Saturday, April 28, 2007

Look Inside

Do you know what you believe?

It sounds almost silly. Your initial reaction may be an emphatic "Of course!", but have you ever taken a moment to examine any of the ideas in your head up close? Have you ever considered the assumptions on which are predicated your whole understanding of the world as you know it? Where did you get these ideas? On close examination, do you even agree with them?

Or perhaps they were just there in your environment as you grew from an infant to an adult. Assumptions absorbed early in life and reinforced through continued exposure to the people around you, who themselves held those assumptions, very likely also without ever examining or questioning them or their origins in their own minds.

Folk wisdom? Some. Folk folly? Some. The point is not that these ideas are inherently good or bad, right or wrong, but that we are generally unaware of their influence on our lives. Recognizing ideas for which we cannot account is the first step toward taking control of this situation and of our thoughts.

Once we identify one of these "unexamined assumptions", the next step is to examine it up close and in detail; to consider what it means and whether it makes any sense. For any such assumption, this process can result in rejecting that assumption entirely, in which case it becomes necessary to begin to reexamine ideas we may hold that are in some way predicated on that assumption. That can take quite a while but the good news is that it usually happens subsconciously, in the background. It can be unsettling, as it may require certain assumptions to be discarded, undermining whole sections of our understanding of fundamental aspects of our world-model, rather like the realization, usually during our adolescence, that our parents are just regular people. In other cases, this close examination can result in a greater understanding of the assumption and why it's valid, transforming a previously unexamined assumption into a stronger, well supported one. In either case, this process is very empowering.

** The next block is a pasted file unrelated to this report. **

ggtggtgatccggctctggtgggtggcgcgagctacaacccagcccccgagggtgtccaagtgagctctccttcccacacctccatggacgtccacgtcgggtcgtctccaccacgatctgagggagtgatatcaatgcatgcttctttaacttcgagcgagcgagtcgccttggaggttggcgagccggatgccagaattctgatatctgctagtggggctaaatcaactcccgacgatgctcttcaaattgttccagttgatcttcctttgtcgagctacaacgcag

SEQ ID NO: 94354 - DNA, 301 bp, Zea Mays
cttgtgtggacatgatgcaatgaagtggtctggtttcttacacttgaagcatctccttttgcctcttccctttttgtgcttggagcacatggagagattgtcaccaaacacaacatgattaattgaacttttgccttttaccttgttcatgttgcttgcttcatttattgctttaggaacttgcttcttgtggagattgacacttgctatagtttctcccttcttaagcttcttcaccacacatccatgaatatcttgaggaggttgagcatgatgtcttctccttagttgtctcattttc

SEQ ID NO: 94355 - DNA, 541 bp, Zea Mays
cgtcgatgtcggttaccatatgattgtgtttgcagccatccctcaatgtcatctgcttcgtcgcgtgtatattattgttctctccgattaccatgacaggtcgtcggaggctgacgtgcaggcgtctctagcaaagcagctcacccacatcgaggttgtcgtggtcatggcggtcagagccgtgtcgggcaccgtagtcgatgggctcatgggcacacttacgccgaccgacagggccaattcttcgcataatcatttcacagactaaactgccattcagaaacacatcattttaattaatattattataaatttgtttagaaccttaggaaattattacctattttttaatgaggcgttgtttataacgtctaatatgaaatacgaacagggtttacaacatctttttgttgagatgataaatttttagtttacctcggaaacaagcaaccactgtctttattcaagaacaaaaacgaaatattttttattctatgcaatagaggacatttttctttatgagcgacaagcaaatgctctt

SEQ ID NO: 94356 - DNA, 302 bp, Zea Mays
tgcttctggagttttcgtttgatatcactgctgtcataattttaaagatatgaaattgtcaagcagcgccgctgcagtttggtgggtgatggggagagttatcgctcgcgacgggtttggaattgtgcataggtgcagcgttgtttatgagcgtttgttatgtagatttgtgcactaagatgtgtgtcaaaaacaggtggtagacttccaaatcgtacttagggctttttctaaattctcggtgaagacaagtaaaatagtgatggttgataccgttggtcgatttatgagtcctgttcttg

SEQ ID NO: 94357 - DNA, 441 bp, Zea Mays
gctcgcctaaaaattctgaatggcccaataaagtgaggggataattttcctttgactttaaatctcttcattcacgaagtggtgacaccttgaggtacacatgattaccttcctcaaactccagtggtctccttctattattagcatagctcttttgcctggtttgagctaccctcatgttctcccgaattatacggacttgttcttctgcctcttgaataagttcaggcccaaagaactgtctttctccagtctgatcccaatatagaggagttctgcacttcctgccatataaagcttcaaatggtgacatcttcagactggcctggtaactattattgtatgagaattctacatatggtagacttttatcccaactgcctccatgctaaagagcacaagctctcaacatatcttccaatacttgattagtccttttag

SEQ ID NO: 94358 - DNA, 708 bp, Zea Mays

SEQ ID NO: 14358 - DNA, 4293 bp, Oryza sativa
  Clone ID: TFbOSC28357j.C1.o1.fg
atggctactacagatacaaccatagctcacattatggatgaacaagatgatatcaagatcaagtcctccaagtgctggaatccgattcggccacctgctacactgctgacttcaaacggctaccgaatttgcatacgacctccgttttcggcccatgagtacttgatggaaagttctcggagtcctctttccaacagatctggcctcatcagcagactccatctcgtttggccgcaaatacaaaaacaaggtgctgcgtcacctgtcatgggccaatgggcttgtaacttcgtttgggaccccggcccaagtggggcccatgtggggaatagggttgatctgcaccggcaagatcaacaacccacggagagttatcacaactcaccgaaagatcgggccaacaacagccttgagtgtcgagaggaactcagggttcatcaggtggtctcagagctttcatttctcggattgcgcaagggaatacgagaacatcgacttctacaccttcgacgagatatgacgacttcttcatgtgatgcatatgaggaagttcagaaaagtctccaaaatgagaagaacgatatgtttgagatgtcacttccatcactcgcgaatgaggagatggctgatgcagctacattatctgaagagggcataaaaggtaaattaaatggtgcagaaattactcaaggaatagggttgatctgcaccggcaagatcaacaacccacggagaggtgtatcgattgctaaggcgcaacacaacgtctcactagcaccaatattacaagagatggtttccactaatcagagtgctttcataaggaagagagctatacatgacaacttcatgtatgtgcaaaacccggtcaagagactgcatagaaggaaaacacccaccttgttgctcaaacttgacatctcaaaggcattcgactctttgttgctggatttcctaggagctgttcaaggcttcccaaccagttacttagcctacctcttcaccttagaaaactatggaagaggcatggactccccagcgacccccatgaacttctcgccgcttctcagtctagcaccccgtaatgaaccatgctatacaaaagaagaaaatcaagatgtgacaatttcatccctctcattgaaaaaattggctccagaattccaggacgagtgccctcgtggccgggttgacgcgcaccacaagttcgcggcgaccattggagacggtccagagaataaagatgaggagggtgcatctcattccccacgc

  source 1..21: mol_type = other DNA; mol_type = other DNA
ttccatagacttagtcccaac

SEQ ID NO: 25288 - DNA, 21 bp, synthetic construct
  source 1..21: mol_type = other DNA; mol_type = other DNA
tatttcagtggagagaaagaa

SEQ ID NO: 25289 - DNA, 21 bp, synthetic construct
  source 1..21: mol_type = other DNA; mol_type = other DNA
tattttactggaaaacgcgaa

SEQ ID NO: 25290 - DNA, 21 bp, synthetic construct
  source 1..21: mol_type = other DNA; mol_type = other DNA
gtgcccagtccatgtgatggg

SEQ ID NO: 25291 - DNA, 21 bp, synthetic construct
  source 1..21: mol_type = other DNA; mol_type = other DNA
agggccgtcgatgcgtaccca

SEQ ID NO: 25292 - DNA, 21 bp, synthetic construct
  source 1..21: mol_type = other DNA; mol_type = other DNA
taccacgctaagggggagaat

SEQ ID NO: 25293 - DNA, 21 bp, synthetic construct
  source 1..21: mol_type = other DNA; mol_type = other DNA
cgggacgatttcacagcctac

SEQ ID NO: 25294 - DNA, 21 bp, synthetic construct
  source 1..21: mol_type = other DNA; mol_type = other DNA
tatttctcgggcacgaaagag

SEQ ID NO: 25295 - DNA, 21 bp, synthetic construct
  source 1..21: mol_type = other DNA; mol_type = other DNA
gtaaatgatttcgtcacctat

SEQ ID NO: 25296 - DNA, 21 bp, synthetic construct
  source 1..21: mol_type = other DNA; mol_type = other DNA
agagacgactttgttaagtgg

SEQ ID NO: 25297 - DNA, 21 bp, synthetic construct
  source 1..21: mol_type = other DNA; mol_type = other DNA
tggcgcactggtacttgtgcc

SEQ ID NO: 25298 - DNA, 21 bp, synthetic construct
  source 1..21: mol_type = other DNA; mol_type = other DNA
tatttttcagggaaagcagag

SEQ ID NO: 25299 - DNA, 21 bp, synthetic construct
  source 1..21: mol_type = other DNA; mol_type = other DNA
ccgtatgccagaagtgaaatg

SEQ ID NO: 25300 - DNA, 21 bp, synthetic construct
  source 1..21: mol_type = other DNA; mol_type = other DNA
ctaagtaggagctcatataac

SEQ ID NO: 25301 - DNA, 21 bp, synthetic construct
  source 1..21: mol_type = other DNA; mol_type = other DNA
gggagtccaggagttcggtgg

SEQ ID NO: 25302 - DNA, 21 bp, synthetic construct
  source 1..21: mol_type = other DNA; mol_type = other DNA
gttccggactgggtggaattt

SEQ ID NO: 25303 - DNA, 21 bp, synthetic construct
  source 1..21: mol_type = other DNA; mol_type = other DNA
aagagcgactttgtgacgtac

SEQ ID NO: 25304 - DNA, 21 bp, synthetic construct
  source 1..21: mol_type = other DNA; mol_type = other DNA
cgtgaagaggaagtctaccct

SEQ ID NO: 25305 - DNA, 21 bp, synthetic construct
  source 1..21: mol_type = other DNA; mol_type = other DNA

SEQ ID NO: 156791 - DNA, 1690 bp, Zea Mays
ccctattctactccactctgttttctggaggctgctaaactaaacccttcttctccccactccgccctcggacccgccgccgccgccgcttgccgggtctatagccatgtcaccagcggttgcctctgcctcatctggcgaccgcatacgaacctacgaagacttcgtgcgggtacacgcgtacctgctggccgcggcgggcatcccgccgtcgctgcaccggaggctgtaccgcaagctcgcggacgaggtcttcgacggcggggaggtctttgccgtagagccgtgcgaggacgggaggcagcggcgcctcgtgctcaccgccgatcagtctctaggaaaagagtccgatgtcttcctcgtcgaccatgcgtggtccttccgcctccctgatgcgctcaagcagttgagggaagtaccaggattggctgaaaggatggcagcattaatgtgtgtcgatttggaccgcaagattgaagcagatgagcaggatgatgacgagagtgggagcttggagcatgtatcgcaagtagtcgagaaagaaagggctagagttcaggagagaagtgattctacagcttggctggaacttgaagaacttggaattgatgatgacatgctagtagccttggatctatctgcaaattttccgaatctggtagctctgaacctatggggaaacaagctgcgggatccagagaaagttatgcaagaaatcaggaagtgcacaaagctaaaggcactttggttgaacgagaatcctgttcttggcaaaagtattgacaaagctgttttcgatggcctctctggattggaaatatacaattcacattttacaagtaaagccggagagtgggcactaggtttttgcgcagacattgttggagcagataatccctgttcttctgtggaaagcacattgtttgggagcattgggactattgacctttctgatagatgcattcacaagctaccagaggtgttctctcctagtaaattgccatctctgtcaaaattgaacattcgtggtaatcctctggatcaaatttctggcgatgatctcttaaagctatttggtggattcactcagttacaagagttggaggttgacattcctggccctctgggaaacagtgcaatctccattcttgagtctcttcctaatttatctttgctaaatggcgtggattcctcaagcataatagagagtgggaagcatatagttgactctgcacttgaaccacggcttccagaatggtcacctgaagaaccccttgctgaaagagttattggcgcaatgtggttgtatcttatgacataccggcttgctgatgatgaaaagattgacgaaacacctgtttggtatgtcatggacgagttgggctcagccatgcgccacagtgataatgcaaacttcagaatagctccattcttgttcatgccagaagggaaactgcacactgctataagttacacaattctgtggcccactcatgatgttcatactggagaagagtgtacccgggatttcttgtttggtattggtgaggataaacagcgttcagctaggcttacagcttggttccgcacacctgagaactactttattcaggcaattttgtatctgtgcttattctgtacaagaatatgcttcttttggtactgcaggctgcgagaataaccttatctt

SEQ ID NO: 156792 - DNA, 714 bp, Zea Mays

Religious assumptions rarely survive this process. In fact, religious assumptions generally don't stand up to even minimal scrutiny. They are imprinted on most of us early and often, sometimes reinforced by vehement and urgent admonition; something we are pre-programmed to respond to in our early childhood and many of us never completely outgrow.

The religious establishment asks-- no, demands that we accept their stories basically "because they said so", or because it is written in books that they hold as sacred or insist were written by whichever deity they identify as their one true god. What does that mean? It means shut up and don't ask questions. This alone should set off our bullshit detectors, but so early and often subtly we are indoctrinated to these influences that they are in us before our bullshit detectors develop.

It's not too difficult to understand how ancient people could have come to accept the notion of gods in the first place and later of a single omnipotent god. If that progression had continued, that too should by now have passed. Instead, we now have a huge portion of the population that accept an absurd story involving a whole "new" pantheon.

When questioned, many very religious people resort to formulaic responses drummed into their heads by whatever clergy they've been listening to or reading; responses that often miss the point of the questions presented. They often counter by insisting that the nonexistence of their gods cannot be proven. But when presented with the reality that not only is there no evidence to support or prove that their gods do exist, but there's nothing even to suggest it, they often resort to making dismissive and hostile remarks.

The one thing most cannot be inspired to do is to think for themselves, examine their assumptions, ideas, beliefs, and see how they look in the light of day. Somewhere deep inside, they must know that to do so would destroy this fragile, often self-contradictory web of acceptance on which they rest their lives. But if this is so, then their professed belief is disingenuous. Do they think they are fooling their omniscient, omnipotent god?

The various religious establishments all claim to be the source of morality. Each faction within each religion has its own interpretation of what this moral behavior is. Most of them involve a considerable amount of denial of our basic nature. This is a recipe for repression that may be responsible for squeezing out some of the most abhorrent human behaviors that otherwise might not develop.

Moral behavior does not arise out of religion; it arises out of humble introspection. This should be a moral imperative for each and every one of us.

Look inside. Really, honestly look. You will find a whole lot of unexamined assumptions just waiting to be investigated. It's scary at first. Don't let that stop you. The fear will pass as you realize how empowering it is.